Tinker Bell's transformation from a spot of light dancing about a stage to the winged pin-up girl we see everywhere today is directly a result of the 1953 Disney animated film.
Tinker Bell had appeared on film before, in a 1924 version of Peter Pan.
However, when Disney artists began work on their own version, they had their own preferences for the character. Two of the principal animators at the studio wrote that story artist 'Joe Rinaldi wanted Tinker Bell to look more like the popular bathing beauties of the time," according to Murray Pomerance in Tinker Bell: The Fairy of Electricity" in Second Star to the Right: Peter Pan in the Popular Imagination. The human model for Tink was Margaret Kerry, an actress known as "The Best Legs in Hollywood" (not Marilyn Monroe, as has often been rumored). Kerry also provided the voice of the red-haired mermaid in the film.
The pixie's fiery personality was also developed in animation--not so far from Barrie's original descriptions, in fact.
|Roy Best, 1937. Tinker Bell as drawn by a pin-up artist is less of a pin-up girl than Disney's version.|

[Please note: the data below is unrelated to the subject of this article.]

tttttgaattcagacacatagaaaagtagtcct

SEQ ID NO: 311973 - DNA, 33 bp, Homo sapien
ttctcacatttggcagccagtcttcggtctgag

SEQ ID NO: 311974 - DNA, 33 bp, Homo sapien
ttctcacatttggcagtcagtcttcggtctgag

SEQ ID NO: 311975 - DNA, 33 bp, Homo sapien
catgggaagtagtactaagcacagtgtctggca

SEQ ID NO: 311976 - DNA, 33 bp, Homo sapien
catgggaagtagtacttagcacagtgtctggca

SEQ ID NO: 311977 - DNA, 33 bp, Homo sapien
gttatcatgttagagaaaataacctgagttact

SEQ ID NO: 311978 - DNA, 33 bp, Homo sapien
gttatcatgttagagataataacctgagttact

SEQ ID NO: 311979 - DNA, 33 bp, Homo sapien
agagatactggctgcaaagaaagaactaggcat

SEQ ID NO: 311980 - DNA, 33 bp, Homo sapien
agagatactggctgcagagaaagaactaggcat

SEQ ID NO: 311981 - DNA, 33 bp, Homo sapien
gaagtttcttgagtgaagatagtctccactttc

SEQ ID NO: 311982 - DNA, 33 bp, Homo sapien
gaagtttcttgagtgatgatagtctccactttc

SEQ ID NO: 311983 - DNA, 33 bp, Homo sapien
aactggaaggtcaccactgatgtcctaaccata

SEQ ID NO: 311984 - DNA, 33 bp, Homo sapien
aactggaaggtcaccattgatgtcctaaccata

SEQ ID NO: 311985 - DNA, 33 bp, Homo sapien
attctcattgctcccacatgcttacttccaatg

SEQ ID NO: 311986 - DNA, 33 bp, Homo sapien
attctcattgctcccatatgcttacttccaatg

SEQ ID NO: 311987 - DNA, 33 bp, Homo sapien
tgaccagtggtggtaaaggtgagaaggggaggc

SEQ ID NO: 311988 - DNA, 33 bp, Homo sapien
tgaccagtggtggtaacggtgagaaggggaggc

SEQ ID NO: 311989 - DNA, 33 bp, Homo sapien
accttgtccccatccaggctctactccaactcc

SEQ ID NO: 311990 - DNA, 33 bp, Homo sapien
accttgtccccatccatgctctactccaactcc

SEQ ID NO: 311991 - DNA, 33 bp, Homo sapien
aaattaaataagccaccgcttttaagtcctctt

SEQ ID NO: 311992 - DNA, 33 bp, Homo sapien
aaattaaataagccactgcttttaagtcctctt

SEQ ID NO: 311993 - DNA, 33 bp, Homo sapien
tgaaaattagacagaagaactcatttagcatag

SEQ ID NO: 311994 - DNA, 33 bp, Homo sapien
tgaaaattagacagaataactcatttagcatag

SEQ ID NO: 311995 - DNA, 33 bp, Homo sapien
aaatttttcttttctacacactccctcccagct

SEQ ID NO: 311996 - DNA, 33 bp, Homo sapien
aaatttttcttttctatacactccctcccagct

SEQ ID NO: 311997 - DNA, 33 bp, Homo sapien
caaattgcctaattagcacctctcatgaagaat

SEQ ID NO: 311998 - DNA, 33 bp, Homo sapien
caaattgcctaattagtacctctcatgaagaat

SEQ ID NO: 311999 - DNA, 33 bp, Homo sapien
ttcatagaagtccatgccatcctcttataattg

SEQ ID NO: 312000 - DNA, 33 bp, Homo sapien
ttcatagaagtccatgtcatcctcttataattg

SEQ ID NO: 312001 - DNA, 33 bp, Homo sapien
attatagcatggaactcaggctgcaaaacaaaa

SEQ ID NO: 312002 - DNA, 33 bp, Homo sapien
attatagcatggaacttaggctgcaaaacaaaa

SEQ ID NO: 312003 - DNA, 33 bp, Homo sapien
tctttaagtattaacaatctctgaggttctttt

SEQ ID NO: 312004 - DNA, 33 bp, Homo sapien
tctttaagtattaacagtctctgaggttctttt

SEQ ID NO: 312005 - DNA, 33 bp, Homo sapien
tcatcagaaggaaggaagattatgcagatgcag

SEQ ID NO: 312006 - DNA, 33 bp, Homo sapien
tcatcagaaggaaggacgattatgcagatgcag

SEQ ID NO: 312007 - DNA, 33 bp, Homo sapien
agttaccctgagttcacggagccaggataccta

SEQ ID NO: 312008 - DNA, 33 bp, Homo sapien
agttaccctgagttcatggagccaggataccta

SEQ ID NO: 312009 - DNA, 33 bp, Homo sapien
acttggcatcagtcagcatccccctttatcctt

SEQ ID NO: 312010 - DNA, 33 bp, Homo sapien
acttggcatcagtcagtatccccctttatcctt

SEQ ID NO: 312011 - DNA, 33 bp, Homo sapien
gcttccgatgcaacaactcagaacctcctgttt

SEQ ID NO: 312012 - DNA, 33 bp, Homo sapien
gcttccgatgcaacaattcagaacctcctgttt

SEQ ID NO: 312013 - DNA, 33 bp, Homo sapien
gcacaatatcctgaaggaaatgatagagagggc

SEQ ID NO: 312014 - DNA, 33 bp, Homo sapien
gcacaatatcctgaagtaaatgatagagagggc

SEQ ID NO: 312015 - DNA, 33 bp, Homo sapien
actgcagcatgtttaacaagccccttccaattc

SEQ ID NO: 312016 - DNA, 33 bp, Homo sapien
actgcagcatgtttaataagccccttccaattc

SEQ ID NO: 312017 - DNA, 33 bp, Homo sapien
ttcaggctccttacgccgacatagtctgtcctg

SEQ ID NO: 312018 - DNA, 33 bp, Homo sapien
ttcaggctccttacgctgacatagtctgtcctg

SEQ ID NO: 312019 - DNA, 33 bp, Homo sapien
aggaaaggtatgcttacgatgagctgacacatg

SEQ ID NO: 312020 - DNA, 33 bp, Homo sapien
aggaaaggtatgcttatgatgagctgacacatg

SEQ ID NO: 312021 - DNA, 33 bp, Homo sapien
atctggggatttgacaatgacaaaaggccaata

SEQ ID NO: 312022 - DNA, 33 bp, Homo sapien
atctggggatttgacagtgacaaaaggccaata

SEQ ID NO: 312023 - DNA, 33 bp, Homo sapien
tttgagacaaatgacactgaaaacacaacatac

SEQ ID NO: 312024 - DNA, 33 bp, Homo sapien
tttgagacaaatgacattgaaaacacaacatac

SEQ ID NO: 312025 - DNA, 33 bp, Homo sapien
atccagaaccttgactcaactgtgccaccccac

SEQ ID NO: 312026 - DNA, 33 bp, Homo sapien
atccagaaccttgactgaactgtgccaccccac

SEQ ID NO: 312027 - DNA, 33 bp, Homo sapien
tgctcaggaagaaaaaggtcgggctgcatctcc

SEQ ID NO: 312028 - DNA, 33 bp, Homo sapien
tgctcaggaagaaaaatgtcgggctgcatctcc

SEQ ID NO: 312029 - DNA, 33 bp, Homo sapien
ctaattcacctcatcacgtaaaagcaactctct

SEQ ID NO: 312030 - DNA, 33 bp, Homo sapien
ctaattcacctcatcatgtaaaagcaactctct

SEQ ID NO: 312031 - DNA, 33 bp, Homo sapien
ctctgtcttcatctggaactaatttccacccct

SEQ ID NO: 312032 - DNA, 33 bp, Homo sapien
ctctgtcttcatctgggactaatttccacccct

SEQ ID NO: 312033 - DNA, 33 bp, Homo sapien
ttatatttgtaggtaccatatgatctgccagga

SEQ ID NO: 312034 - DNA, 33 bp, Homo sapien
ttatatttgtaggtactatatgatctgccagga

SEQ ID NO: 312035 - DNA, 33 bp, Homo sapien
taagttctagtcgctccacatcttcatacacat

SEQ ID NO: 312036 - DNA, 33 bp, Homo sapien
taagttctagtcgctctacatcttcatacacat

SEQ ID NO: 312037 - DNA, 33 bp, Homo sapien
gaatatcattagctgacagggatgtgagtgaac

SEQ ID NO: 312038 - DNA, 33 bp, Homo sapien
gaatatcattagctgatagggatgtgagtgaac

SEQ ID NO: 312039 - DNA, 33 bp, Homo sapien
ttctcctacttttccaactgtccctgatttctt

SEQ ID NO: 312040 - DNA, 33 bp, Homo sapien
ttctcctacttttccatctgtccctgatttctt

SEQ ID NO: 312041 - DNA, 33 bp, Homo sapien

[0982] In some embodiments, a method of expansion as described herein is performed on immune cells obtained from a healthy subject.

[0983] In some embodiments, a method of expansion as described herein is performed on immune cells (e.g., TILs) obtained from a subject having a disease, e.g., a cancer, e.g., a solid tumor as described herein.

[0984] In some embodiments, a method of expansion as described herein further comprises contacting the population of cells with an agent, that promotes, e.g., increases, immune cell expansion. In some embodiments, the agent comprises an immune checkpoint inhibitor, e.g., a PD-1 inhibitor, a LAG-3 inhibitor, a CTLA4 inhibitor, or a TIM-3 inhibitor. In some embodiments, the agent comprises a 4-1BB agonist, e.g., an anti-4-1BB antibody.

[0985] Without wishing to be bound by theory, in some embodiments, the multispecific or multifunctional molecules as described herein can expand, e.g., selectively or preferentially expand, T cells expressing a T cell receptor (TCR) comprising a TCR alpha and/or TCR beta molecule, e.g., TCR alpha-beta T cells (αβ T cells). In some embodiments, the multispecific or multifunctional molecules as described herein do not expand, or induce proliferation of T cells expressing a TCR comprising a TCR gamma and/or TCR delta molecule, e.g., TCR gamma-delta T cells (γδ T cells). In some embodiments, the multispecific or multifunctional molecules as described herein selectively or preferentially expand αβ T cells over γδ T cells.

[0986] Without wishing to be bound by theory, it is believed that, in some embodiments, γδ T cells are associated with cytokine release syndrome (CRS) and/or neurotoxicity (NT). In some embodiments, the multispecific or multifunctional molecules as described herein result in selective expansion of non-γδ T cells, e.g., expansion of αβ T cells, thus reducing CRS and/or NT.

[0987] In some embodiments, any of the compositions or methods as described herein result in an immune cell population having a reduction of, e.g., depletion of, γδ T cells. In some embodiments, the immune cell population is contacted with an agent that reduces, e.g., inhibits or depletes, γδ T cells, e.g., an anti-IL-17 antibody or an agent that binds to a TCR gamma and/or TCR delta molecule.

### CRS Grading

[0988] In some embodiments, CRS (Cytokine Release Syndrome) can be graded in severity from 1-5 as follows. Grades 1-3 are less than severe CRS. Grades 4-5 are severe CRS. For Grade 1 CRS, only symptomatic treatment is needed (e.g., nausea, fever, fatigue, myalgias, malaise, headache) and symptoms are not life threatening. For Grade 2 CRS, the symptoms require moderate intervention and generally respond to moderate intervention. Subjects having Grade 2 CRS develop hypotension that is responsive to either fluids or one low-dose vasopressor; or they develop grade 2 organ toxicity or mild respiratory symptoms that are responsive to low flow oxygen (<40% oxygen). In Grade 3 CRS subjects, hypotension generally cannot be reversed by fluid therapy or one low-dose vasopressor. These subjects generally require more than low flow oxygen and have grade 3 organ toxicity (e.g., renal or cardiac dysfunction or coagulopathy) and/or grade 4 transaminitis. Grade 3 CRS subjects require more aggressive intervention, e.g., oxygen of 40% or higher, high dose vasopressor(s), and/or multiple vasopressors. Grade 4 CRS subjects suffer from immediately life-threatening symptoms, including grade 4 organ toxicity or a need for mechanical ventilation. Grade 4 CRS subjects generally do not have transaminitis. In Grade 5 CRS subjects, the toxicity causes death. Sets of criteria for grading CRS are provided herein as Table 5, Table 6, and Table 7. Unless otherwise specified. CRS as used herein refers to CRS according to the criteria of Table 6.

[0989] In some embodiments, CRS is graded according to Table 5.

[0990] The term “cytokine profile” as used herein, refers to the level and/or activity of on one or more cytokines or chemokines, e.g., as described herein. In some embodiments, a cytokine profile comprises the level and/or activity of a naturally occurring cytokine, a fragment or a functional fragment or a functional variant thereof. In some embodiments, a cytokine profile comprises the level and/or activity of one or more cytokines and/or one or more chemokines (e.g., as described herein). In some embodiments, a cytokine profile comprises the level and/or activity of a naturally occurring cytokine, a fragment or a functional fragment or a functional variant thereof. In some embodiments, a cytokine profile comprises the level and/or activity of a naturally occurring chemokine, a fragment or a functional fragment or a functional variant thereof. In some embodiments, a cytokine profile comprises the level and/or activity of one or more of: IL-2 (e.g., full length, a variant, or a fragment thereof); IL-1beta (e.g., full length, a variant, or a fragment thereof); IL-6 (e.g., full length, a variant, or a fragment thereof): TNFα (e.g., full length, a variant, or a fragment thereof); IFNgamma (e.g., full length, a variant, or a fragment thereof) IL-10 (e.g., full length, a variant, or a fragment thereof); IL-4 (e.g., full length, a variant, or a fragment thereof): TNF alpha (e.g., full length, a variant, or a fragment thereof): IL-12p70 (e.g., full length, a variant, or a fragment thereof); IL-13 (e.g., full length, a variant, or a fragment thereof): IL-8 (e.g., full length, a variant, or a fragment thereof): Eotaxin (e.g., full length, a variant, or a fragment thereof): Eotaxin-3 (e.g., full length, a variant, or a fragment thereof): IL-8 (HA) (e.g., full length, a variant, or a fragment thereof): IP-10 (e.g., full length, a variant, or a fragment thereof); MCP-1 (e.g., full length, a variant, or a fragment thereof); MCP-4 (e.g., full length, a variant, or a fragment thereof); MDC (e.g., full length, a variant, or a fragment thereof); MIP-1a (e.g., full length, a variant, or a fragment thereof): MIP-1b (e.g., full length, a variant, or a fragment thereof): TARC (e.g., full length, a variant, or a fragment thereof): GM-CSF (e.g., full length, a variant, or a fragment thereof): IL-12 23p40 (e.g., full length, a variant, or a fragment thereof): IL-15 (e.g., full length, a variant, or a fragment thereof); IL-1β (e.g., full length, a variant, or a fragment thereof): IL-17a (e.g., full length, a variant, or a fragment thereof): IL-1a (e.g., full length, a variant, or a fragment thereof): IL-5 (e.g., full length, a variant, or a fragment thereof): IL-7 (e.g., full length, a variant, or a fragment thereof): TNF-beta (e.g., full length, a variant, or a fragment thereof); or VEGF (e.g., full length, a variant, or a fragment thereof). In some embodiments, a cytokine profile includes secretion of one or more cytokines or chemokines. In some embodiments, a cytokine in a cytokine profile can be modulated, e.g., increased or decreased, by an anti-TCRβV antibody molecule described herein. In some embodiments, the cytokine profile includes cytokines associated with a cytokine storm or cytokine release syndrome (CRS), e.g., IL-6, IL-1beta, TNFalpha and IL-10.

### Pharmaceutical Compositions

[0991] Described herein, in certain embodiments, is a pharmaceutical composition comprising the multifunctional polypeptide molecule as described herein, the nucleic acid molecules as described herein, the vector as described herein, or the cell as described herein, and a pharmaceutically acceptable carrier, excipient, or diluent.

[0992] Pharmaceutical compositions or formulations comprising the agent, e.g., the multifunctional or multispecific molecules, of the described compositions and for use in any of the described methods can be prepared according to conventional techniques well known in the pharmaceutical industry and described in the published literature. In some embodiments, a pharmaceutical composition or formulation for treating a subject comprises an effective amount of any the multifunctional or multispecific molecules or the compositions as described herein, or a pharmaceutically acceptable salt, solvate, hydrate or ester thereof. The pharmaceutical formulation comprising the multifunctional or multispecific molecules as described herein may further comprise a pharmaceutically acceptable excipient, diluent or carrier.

As to why Barrie included a fairy in Peter Pan to begin with, reasons are numerous. Barrie's work was influenced by the folk tales of his native Scotland, and "Kensington Garden" by Thomas Tickell, written in 1722, is frequently cited as the inspiration for the setting of Barrie's entire fairy world of Kensington Park.
In 1901, Barrie and the Llewellyn David boys were enchanted by Seymour Hicks's theatrical hit Bluebell in Fairyland, which they went to see together during Christmas time.
And specifically, in Barrie's dedication "To the Five," he writes, "As our lanterns twinkled among the leaves [Michael] saw a twinkle stand still for a moment and he waved his foot gaily to it, thus creating Tink."
Special thanks to www.rarestkindofbest.com and the (sadly) largely inactive www.jmbarrie.co.uk for information used in this post.